The clash of the tech ecosystems is leaving me lamenting the changes wrought by the emergence of multiple technology platforms. Like the Titans movies there are powerful forces at work: Google, Apple, Microsoft competing for consumer and business users alike.
I recently bought a Windows phone. I like Gmail, and I admire Apple, and use a lot of Dell hardware. Unfortunately, nobody is trying to make any of these compatible with one another anymore.
I like Outlook to manage contacts and calendaring. Previously I could easily sync my smart phone to a PC; regardless of which device I updated.
Now Outlook is rendered useless, and I’m finding I need to work around the issue, double entry, try cloud apps and the like. All of which takes me away from working on my principal tasks.
I’m told by “experts” to give up on my former methods of doing business. They say “…Go all Google; just upload all your contacts/calendaring there…” …” Go all Microsoft… upload all your contacts to their cloud….” Don’t use Gmail, Don’t use Microsoft. Have you thought about switching everything over to Apple— it’s much cooler anyway…” Ugh!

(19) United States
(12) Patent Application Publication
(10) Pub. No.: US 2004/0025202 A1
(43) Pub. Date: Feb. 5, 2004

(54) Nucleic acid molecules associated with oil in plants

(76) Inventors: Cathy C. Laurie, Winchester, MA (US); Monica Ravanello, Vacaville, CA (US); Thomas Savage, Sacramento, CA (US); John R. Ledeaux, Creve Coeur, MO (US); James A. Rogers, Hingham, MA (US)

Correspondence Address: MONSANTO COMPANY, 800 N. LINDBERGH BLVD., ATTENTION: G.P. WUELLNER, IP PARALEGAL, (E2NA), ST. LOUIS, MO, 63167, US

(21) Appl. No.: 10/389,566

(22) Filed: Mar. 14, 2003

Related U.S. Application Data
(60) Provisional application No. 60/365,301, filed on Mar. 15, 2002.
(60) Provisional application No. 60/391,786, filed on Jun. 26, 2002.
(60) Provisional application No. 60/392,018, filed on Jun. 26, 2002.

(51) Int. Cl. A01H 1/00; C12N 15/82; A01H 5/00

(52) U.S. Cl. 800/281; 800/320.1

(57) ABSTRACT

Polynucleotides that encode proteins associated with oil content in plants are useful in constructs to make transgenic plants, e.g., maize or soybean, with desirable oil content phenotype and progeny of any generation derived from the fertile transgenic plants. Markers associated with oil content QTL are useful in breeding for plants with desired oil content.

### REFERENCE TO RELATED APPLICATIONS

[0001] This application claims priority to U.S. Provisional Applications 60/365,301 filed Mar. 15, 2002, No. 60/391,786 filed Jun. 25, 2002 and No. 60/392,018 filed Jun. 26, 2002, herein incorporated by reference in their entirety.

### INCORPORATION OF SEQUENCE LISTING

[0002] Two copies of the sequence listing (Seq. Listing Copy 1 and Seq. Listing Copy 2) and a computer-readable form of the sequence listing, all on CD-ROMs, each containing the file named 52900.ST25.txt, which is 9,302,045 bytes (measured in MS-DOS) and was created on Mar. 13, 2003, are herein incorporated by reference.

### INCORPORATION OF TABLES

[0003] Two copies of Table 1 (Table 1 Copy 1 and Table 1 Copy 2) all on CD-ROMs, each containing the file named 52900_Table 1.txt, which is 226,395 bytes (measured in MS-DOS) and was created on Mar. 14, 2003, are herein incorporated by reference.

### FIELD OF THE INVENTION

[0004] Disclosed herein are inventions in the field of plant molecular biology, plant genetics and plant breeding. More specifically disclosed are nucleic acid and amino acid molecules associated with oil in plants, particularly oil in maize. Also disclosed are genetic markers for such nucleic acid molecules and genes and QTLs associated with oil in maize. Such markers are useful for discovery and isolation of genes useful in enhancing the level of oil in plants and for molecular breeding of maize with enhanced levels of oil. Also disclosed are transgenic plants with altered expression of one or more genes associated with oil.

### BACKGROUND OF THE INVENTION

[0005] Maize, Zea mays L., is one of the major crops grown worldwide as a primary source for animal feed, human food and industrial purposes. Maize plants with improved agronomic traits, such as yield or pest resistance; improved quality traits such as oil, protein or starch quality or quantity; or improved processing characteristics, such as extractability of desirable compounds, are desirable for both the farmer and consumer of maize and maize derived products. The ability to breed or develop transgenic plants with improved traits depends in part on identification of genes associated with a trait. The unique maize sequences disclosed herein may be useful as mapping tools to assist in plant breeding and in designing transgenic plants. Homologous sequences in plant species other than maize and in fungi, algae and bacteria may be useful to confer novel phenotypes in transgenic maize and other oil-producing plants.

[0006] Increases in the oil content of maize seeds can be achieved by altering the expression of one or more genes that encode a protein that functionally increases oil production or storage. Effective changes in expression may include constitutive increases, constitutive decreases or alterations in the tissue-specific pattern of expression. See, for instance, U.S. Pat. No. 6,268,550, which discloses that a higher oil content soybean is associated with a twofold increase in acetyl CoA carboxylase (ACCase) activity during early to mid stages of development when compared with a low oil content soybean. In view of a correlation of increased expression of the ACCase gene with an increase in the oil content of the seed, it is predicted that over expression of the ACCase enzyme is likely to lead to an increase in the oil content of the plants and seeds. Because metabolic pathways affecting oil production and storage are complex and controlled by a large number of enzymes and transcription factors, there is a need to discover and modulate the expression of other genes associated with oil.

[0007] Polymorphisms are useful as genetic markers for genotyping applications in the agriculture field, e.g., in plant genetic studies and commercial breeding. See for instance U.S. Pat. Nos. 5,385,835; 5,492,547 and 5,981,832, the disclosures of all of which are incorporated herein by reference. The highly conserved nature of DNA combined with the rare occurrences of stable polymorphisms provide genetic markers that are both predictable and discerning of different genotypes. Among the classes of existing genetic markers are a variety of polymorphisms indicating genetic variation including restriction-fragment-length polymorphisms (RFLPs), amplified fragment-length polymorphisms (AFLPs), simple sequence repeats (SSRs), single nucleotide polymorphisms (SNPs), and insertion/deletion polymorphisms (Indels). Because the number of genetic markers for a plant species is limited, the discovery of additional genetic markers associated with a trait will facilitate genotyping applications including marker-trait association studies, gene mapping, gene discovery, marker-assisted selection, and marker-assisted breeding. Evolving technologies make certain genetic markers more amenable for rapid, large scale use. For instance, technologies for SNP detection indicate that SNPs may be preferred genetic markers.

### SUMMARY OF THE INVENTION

The switching from one platform to another is not a casual decision. Especially when they don’t integrate well between one another.
There’s not only a dollar cost, but a time and an adoption cycle to adjust to with associated opportunity costs. Once you invest time and cost into a new platform: hardware, software, networking, cloud; you’re not likely to want to change your IT support, and start the user investment to change out of the platform all over again.
There was a time when companies use to work on applications that worked across platforms. Albeit that might have been when Microsoft had the singular distinction of near dominance and everyone had to develop for Windows.
I get it… but wonder if as a user there’s a better way to get the best out of all these great companies’ innovations without having to change everything about work and play?
Times are constantly a changing… but that does not mean we have to like it all of the time. For more on the subject read about Apple’s new iPad line up and the free software for their I works, and Microsoft’s challenge to remain relevant with the traditional PC in decline.
Peter Klinge, Jr. is an operating executive with many years of experience in technology and consumer goods companies. His firm works with owners and executives to help their companies reach their next stage of growth.